The UK home office has been blamed by the Independent Chief Inspector of Borders and immigration for GDPR violations, stating that it misplaced personal documents of EU residents when handling the EU settlement scheme.
During its preparation for Brexit, the UK government designed a settlement scheme for EU and non-EU citizens to protect their residence in the UK after the transition period has ended. However, the Independent Chief Inspector of Borders and immigration (ICIBI) said that between April and August last year, the EU settlement scheme faced around a hundred incidents of data loss or leakage to unauthorised third parties.
These included passports and other identification documents being misplaced in the office and several other postages including sensitive information, being delivered to incorrect addresses. These incidents occurred around the same time when Home Office committed an “administrative error” that resulted in the leakage of email addresses of hundreds of Windrush migrants to unauthorised parties.
A large number of Windrush migrants requested the Home Office to provide more information about the compensation scheme, following which a series of emails were sent out to these migrants with each email containing about a hundred recipients.
However, before sending the emails, the Home Office failed to mask email addresses by entering them in the ‘bcc field’, thereby leaving email addresses of hundreds of migrants visible to others. After the breach was discovered, Immigration Minister Caroline Nokes issued an apology for the “administrative error”, stating that an internal review had been launched to investigate the breach.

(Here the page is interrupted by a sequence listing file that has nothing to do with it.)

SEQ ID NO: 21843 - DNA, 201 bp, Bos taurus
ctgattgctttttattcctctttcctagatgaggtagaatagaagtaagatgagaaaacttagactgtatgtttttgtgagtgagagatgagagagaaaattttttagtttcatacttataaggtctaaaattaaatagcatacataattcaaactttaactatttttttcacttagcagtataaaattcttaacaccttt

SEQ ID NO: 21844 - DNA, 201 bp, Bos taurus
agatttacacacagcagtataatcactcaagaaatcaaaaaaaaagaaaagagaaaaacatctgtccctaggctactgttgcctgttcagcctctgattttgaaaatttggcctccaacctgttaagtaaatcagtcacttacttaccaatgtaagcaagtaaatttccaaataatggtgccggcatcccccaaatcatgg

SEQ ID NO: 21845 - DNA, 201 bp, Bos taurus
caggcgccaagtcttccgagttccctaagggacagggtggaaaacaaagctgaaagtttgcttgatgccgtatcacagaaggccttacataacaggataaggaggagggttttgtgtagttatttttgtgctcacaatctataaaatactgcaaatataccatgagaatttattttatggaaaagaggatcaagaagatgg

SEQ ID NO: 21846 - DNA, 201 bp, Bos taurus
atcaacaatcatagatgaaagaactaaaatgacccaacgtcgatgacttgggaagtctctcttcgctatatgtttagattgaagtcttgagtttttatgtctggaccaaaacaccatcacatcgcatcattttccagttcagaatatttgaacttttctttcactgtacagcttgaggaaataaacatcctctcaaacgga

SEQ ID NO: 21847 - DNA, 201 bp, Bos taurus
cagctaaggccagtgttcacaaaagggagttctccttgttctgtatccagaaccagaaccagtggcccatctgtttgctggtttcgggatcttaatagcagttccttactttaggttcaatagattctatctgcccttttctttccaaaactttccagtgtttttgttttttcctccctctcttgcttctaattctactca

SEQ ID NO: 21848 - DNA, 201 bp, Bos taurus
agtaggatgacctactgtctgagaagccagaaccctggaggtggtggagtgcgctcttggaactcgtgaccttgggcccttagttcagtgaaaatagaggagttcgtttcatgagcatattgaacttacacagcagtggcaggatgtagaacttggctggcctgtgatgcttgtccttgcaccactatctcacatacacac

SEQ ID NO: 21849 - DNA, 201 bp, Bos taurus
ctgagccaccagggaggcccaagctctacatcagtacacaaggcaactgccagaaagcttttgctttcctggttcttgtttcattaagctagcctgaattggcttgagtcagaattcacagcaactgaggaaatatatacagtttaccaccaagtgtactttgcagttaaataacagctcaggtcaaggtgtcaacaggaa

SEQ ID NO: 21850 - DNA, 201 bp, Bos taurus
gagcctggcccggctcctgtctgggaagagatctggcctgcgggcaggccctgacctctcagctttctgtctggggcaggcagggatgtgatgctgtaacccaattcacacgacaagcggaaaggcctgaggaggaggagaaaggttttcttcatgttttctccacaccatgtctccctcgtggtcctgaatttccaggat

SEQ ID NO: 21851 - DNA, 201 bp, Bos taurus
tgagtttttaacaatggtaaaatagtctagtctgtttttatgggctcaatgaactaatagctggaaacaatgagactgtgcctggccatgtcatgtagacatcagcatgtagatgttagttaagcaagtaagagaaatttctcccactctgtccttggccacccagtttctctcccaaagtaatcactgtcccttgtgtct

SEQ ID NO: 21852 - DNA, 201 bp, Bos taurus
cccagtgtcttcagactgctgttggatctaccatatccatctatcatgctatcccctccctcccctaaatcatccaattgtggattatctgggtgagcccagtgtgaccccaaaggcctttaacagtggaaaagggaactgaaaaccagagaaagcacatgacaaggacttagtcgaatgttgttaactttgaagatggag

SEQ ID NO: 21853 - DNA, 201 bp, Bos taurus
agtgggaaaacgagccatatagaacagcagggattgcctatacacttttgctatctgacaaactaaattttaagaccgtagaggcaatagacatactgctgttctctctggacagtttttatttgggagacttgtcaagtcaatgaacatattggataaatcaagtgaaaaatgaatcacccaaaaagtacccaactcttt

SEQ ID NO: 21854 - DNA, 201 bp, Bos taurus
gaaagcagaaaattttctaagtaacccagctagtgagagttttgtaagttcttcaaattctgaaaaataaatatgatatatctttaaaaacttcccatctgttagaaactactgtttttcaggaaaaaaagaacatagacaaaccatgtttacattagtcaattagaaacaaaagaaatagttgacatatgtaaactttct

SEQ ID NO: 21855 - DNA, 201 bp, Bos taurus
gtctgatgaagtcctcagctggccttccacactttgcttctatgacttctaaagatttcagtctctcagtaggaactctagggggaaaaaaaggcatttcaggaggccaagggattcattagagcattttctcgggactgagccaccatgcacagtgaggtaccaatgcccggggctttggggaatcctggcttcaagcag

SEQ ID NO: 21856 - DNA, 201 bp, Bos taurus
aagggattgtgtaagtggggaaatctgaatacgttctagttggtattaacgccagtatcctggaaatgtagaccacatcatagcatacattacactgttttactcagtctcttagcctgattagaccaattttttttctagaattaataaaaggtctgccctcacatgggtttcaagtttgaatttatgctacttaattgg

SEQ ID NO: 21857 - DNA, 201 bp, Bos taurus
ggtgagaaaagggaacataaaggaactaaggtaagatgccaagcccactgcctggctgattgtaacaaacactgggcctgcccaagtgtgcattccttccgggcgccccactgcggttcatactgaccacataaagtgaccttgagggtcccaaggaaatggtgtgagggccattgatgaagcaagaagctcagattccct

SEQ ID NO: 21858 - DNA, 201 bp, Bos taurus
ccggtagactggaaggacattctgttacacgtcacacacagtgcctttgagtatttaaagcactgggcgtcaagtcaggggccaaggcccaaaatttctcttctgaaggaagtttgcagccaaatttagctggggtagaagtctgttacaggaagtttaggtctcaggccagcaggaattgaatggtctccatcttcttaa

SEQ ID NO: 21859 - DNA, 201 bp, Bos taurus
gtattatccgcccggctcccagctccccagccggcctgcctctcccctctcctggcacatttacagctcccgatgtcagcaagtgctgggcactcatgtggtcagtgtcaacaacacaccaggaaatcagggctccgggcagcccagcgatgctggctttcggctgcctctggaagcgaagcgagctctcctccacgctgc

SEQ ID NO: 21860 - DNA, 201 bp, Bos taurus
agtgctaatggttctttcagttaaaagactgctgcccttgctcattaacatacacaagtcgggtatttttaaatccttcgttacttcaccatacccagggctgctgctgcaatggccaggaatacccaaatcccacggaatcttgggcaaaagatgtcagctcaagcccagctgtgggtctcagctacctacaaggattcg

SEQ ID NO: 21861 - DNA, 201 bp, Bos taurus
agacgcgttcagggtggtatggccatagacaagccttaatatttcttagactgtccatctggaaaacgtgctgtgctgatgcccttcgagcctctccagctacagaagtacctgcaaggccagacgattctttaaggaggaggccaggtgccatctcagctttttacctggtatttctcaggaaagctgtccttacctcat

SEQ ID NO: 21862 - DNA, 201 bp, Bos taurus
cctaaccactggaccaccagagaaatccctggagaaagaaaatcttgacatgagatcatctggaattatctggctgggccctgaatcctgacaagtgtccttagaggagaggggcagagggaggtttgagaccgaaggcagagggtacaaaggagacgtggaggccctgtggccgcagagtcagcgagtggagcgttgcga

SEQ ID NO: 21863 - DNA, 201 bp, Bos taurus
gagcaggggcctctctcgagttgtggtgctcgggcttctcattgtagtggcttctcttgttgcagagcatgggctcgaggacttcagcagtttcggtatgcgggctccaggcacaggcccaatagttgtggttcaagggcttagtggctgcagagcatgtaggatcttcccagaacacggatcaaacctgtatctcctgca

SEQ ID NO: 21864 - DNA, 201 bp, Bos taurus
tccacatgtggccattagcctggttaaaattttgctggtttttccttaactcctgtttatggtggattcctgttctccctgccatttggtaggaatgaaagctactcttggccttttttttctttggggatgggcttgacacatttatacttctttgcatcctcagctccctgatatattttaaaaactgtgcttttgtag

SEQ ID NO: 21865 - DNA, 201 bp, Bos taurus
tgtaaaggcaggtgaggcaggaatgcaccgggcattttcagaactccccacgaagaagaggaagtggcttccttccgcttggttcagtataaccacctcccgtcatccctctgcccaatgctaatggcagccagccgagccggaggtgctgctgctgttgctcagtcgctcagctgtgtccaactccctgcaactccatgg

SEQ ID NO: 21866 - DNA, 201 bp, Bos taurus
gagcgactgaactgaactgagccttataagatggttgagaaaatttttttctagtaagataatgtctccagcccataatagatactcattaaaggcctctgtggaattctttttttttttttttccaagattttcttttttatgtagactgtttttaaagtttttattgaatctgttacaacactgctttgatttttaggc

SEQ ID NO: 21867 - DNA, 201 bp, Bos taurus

Home Office committed multiple data breach incidents in 2019
“The information provided to inspectors regarding data breaches was concerning, not least the increase in breaches each month between April and July 2019 (with a slight dip in August 2019), albeit most of those to the end of June were due to a postal company rather than EUSS staff or processes,” Chief Inspector of Border and Immigration, David Bolt wrote in his report published on Thursday.
“Data breaches damage public confidence, and applicants will blame the Home Office, whether or not this is fair. It is therefore important for the Home Office to do everything it can to keep breaches to a minimum. Most appear to have involved document handling errors and these should be easiest to prevent with clear instructions and good organisation.” he added. The Home Office did not specifically respond to the incident of data breach highlighted by the Chief inspector.
Commenting on incidents of data breach involving the Home Office, Joseph Carson, chief security scientist at Thycotic said: “When things are rushed people make mistakes and this appears to be what is going on with post Brexit schemes such as the EU settlement scheme. Sometimes quick and fast does not exactly meet the requirement for security and privacy, which appears to have been the challenge facing The Home Office when handling EU citizen personal data and unintentionally resulting data breaches.
“Unless something dramatically changes with the approach to security and privacy this will continue and we can surely expect to learn of more data breaches,” he added.